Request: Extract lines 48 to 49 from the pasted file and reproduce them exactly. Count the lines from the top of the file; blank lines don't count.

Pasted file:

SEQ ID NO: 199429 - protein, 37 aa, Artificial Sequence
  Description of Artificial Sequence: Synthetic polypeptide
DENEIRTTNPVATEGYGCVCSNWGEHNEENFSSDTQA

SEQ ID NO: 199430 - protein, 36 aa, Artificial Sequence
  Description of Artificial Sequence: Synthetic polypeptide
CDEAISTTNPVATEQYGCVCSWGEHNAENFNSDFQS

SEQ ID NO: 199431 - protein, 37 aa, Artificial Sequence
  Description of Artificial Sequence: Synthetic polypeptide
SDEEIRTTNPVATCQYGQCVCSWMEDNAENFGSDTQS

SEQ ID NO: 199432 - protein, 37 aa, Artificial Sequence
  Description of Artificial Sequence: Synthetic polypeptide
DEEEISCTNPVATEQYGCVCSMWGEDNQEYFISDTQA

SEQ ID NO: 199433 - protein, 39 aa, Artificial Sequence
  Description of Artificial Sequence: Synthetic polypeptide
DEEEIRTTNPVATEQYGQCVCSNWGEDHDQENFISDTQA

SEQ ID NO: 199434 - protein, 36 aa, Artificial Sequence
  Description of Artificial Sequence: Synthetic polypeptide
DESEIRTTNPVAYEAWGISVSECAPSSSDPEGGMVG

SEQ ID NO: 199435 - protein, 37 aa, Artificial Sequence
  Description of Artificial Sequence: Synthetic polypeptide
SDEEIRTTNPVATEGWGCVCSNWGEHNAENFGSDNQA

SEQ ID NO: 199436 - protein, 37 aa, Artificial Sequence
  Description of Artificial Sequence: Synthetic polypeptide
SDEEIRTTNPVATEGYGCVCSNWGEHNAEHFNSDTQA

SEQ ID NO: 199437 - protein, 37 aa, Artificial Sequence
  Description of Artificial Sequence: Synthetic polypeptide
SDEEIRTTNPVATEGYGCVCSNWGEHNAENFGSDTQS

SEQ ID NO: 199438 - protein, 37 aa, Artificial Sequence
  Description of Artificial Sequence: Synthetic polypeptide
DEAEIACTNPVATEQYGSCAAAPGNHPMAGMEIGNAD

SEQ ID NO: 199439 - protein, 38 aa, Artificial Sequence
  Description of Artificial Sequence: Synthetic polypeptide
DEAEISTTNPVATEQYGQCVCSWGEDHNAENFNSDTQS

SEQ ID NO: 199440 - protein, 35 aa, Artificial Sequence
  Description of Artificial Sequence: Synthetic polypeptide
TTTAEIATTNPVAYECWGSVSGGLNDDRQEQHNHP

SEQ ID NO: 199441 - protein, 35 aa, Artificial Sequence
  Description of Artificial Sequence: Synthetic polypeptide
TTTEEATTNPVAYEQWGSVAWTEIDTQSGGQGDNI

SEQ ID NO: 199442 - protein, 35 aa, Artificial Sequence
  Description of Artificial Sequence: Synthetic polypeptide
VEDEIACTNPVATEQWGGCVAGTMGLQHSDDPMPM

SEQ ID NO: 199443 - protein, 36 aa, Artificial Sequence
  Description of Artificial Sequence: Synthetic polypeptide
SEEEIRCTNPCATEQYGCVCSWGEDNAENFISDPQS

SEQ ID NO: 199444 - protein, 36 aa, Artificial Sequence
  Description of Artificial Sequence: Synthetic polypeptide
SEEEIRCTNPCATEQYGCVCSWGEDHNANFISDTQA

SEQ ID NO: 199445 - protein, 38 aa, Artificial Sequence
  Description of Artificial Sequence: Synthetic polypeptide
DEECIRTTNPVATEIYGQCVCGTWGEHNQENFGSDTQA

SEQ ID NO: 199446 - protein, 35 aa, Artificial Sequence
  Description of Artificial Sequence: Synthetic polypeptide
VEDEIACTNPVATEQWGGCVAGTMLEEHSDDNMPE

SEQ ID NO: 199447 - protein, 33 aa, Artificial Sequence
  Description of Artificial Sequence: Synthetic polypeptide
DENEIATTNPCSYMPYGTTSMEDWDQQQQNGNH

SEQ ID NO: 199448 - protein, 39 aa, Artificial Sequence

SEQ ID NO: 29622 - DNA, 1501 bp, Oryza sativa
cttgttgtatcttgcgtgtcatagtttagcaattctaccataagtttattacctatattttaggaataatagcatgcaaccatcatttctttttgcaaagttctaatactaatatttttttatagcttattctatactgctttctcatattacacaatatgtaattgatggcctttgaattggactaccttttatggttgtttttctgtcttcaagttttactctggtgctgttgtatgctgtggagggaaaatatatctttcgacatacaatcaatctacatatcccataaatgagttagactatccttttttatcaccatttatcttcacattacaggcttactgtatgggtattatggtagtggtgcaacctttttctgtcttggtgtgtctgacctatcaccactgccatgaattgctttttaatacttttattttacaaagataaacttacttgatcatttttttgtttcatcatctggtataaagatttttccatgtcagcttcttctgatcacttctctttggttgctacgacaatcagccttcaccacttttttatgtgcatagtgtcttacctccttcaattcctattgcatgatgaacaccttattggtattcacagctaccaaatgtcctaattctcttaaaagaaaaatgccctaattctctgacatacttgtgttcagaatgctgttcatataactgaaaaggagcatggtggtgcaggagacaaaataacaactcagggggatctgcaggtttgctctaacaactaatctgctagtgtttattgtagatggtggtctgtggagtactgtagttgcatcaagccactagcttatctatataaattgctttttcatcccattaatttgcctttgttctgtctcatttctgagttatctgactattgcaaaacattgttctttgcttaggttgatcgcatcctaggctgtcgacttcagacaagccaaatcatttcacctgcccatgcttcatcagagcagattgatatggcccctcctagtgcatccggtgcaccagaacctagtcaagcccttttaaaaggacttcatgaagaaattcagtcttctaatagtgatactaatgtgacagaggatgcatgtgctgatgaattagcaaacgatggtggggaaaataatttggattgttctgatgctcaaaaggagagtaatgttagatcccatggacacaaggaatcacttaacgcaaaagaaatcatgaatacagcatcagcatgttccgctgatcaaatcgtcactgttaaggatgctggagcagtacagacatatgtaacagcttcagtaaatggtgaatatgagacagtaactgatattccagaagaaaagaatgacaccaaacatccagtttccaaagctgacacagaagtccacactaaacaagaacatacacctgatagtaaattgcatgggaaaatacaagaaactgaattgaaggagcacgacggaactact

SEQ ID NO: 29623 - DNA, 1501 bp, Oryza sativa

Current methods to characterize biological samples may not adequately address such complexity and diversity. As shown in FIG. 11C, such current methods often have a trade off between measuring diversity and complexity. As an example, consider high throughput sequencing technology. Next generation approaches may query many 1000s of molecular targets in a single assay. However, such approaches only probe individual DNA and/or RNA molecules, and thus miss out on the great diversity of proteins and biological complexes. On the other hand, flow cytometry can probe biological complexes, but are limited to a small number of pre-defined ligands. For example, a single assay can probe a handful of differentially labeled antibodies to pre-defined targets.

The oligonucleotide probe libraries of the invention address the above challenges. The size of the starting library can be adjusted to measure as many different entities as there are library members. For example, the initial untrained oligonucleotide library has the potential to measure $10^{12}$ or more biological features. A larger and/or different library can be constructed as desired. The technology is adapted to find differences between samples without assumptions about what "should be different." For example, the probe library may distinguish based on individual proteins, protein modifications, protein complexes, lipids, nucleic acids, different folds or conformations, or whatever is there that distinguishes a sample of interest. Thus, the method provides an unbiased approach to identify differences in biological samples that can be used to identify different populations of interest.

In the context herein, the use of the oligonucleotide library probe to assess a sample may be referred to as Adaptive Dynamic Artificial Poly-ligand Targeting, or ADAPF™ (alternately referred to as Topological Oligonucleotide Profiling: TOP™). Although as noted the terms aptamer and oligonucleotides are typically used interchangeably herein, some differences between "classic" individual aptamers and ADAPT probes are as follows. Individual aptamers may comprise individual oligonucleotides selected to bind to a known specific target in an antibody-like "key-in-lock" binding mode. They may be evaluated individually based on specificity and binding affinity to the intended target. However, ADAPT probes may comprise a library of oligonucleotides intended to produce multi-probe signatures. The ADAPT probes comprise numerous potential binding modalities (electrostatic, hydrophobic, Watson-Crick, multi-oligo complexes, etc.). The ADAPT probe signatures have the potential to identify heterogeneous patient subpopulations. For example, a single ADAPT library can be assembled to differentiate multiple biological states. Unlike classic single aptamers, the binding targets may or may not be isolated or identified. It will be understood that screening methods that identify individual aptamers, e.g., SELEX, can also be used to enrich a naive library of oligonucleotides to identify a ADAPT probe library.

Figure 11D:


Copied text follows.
SEEEIRCTNPCATEQYGCVCSWGEDHNANFISDTQA

SEQ ID NO: 199445 - protein, 38 aa, Artificial Sequence